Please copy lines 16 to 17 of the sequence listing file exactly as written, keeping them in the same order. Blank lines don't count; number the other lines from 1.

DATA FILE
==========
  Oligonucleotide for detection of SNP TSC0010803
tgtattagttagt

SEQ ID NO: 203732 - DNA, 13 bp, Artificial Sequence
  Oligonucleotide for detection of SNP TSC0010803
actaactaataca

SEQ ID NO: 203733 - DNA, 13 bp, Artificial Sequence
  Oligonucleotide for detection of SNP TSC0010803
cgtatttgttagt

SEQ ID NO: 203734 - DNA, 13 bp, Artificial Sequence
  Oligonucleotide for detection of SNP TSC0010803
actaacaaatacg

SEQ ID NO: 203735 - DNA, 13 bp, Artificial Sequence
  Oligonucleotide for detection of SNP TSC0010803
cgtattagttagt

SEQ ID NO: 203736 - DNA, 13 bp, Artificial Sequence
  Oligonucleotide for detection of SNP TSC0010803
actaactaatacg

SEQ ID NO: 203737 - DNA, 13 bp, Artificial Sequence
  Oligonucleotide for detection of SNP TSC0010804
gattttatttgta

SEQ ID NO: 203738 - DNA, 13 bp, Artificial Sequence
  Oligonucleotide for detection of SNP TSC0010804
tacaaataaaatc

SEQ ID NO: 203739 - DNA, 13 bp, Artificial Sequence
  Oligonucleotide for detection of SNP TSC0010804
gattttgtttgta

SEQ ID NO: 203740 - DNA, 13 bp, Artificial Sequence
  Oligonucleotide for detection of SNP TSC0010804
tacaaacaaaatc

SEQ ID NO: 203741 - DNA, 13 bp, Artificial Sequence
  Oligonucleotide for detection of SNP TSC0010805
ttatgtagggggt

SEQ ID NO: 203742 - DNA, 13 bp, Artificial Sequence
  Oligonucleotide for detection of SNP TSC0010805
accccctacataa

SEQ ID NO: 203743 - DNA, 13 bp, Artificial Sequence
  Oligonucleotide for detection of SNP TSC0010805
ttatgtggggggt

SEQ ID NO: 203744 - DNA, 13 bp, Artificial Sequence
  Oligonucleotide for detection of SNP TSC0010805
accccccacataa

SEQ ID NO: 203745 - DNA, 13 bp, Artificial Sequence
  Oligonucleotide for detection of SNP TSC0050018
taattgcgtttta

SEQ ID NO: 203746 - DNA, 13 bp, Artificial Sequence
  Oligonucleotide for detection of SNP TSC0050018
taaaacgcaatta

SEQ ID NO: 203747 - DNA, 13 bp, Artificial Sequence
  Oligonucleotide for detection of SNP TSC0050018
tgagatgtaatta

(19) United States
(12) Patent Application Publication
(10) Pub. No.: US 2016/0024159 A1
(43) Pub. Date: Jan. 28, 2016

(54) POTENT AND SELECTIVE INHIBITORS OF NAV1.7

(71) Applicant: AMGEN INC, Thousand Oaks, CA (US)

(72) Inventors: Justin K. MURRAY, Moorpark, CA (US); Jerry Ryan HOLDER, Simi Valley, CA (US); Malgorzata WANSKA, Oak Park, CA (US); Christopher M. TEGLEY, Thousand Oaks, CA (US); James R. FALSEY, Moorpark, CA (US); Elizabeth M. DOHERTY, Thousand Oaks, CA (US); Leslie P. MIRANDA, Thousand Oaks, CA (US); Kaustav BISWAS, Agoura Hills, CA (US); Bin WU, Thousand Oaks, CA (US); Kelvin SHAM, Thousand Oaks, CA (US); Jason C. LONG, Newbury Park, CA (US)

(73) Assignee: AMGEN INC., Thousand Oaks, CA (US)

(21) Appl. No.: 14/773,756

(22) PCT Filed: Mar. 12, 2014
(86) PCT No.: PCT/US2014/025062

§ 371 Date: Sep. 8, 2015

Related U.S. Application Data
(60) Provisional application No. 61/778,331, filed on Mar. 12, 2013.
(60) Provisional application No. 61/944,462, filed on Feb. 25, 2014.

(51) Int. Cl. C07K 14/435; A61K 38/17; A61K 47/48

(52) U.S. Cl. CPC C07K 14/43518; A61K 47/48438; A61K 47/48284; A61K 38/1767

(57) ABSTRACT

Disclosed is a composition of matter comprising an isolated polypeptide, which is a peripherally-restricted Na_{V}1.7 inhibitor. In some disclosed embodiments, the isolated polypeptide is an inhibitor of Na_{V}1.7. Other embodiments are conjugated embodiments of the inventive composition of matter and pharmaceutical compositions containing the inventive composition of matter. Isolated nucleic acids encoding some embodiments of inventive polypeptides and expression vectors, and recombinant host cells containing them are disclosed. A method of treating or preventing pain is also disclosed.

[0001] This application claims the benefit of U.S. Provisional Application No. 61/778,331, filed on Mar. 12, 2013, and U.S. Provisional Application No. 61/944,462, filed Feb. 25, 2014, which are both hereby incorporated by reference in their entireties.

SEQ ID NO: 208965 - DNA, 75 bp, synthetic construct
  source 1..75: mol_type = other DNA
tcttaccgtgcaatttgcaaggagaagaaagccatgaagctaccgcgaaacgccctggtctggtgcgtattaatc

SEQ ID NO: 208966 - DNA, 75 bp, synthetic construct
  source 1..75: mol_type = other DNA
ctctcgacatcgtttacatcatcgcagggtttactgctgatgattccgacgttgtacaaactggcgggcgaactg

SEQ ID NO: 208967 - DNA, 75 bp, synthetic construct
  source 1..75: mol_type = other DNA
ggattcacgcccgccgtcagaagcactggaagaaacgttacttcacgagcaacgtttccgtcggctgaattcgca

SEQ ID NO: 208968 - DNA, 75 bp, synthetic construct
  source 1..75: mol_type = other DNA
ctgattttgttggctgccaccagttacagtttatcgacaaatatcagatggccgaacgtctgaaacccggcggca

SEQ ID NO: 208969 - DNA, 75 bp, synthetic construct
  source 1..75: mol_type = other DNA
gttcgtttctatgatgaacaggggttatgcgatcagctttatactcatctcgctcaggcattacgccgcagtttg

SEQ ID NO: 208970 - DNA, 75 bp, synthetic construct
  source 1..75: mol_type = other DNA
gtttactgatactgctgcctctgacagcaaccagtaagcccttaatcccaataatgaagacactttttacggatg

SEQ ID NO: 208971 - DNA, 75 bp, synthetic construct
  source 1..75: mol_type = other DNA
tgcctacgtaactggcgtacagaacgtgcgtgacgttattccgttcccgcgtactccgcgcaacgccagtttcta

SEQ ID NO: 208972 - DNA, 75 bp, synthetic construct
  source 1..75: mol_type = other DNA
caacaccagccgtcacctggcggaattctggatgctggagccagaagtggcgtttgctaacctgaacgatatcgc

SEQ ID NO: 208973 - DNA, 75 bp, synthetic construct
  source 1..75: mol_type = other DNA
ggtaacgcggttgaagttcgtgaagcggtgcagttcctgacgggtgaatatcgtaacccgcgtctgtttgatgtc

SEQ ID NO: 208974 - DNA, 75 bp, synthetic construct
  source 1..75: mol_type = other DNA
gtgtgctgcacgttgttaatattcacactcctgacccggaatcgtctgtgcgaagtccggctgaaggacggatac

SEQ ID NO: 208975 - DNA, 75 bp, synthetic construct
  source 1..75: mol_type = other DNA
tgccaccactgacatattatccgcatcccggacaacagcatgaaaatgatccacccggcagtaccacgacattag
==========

  Oligonucleotide for detection of SNP TSC0010803
actaactaatacg